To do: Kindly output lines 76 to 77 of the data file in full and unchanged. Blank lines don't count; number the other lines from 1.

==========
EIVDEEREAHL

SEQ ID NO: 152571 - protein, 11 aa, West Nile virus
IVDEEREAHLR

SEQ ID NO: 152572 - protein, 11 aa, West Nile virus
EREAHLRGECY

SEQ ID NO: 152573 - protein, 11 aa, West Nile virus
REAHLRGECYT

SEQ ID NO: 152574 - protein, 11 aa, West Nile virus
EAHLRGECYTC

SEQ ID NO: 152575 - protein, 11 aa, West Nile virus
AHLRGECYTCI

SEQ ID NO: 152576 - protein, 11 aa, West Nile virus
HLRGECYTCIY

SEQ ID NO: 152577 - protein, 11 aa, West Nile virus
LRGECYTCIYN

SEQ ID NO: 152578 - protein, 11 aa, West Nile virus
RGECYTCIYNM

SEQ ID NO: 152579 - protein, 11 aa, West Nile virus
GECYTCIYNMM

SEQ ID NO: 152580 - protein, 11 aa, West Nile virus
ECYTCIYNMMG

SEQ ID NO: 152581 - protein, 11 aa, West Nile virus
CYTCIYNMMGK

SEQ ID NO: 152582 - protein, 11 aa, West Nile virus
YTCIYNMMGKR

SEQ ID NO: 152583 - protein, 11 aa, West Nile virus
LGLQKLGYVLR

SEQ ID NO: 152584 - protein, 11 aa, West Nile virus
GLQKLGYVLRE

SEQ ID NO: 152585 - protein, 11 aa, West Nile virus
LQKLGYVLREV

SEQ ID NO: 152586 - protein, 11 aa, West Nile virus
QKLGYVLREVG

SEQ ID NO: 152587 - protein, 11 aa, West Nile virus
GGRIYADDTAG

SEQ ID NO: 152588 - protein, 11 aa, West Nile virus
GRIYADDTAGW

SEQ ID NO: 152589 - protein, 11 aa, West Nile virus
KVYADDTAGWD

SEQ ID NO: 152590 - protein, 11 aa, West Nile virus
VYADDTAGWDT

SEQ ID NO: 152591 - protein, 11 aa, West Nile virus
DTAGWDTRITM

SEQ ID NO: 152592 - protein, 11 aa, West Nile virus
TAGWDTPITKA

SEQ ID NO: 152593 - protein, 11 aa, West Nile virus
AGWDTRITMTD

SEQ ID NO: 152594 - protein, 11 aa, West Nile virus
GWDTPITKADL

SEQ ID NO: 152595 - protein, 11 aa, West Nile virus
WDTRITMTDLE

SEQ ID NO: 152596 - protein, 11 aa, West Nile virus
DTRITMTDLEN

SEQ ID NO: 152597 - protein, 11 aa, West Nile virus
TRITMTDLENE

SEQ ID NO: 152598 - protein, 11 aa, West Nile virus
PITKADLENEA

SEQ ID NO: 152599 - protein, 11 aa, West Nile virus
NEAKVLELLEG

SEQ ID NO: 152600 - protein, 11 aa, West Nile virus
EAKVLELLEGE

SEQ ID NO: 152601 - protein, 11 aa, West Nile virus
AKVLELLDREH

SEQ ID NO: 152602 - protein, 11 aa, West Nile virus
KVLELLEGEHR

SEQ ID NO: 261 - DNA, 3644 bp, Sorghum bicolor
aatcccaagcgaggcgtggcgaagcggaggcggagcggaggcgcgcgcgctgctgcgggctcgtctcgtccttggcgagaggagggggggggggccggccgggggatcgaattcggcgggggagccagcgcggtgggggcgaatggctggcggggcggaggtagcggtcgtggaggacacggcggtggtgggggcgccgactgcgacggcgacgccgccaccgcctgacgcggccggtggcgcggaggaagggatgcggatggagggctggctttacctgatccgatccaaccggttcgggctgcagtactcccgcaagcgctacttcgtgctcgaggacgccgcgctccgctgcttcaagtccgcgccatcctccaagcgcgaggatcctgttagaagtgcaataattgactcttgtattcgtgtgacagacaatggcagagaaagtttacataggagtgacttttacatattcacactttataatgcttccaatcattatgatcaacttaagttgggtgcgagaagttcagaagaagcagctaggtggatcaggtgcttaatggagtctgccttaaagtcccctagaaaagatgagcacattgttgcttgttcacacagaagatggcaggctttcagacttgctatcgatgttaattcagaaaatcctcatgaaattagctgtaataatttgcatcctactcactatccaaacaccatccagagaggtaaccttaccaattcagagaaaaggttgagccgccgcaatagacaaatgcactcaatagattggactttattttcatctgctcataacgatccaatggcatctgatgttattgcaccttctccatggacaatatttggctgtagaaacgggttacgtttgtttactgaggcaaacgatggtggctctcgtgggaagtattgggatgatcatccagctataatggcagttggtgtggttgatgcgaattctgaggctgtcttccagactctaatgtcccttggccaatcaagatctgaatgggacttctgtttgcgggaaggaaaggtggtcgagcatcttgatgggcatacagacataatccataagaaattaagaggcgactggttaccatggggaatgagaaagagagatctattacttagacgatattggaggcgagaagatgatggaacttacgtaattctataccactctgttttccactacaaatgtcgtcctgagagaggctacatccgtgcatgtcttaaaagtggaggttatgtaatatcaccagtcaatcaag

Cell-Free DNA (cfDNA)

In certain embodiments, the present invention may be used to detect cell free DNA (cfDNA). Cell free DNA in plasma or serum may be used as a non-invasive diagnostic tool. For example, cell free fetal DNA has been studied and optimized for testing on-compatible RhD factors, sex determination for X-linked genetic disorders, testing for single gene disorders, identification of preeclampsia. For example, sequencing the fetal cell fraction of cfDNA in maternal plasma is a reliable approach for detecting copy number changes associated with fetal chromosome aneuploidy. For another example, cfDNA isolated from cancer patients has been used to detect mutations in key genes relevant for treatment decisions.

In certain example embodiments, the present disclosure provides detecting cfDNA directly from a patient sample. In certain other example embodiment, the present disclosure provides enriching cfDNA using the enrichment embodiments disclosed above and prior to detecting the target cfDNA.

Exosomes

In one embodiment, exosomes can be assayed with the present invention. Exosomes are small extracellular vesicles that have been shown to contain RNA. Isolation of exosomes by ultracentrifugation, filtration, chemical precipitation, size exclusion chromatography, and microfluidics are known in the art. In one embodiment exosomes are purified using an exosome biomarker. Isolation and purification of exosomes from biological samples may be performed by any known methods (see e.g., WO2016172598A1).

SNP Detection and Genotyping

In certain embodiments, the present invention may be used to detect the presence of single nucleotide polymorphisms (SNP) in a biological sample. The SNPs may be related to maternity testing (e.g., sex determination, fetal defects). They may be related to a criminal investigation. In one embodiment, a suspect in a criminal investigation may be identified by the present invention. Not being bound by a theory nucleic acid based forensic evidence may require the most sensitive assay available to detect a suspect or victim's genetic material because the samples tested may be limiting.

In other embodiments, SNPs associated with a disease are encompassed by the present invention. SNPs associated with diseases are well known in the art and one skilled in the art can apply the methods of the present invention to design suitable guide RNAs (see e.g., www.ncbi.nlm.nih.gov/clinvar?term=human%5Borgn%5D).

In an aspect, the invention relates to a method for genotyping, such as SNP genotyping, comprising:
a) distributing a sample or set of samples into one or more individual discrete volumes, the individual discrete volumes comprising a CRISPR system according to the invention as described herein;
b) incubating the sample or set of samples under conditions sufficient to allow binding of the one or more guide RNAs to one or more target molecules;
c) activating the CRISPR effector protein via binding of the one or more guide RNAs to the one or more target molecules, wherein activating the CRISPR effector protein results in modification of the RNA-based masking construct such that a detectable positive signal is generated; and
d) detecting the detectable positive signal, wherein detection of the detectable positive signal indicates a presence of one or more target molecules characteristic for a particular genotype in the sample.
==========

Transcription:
In an aspect, the invention relates to a method for genotyping, such as SNP genotyping, comprising:
a) distributing a sample or set of samples into one or more individual discrete volumes, the individual discrete volumes comprising a CRISPR system according to the invention as described herein;